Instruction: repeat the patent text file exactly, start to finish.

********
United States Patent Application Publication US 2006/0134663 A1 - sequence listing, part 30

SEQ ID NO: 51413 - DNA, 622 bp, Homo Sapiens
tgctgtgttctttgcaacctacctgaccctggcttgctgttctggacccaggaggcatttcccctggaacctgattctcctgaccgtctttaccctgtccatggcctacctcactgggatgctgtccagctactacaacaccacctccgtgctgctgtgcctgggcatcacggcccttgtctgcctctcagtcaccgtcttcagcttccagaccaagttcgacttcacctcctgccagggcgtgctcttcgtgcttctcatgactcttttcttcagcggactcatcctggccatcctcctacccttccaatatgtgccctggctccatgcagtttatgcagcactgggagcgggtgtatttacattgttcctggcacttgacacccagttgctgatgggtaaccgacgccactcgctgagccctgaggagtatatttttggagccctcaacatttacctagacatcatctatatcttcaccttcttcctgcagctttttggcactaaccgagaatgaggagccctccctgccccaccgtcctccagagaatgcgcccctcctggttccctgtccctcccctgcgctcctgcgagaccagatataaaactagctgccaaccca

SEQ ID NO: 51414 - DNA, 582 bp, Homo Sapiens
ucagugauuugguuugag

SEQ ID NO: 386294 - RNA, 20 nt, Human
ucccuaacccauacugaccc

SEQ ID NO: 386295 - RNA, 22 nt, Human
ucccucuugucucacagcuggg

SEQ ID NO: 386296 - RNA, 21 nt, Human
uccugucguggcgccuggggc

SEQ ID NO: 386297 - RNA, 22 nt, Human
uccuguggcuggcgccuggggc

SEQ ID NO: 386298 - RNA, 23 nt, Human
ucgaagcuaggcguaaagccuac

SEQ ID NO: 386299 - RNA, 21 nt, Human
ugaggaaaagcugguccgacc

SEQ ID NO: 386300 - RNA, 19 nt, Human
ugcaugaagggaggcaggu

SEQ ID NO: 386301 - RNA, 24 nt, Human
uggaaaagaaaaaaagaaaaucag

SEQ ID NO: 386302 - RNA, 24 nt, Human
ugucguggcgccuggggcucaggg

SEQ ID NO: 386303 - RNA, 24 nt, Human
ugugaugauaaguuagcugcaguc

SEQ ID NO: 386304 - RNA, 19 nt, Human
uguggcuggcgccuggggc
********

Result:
United States Patent Application Publication US 2006/0134663 A1 - sequence listing, part 30

SEQ ID NO: 51413 - DNA, 622 bp, Homo Sapiens
tgctgtgttctttgcaacctacctgaccctggcttgctgttctggacccaggaggcatttcccctggaacctgattctcctgaccgtctttaccctgtccatggcctacctcactgggatgctgtccagctactacaacaccacctccgtgctgctgtgcctgggcatcacggcccttgtctgcctctcagtcaccgtcttcagcttccagaccaagttcgacttcacctcctgccagggcgtgctcttcgtgcttctcatgactcttttcttcagcggactcatcctggccatcctcctacccttccaatatgtgccctggctccatgcagtttatgcagcactgggagcgggtgtatttacattgttcctggcacttgacacccagttgctgatgggtaaccgacgccactcgctgagccctgaggagtatatttttggagccctcaacatttacctagacatcatctatatcttcaccttcttcctgcagctttttggcactaaccgagaatgaggagccctccctgccccaccgtcctccagagaatgcgcccctcctggttccctgtccctcccctgcgctcctgcgagaccagatataaaactagctgccaaccca

SEQ ID NO: 51414 - DNA, 582 bp, Homo Sapiens
ucagugauuugguuugag

SEQ ID NO: 386294 - RNA, 20 nt, Human
ucccuaacccauacugaccc

SEQ ID NO: 386295 - RNA, 22 nt, Human
ucccucuugucucacagcuggg

SEQ ID NO: 386296 - RNA, 21 nt, Human
uccugucguggcgccuggggc

SEQ ID NO: 386297 - RNA, 22 nt, Human
uccuguggcuggcgccuggggc

SEQ ID NO: 386298 - RNA, 23 nt, Human
ucgaagcuaggcguaaagccuac

SEQ ID NO: 386299 - RNA, 21 nt, Human
ugaggaaaagcugguccgacc

SEQ ID NO: 386300 - RNA, 19 nt, Human
ugcaugaagggaggcaggu

SEQ ID NO: 386301 - RNA, 24 nt, Human
uggaaaagaaaaaaagaaaaucag

SEQ ID NO: 386302 - RNA, 24 nt, Human
ugucguggcgccuggggcucaggg

SEQ ID NO: 386303 - RNA, 24 nt, Human
ugugaugauaaguuagcugcaguc

SEQ ID NO: 386304 - RNA, 19 nt, Human
uguggcuggcgccuggggc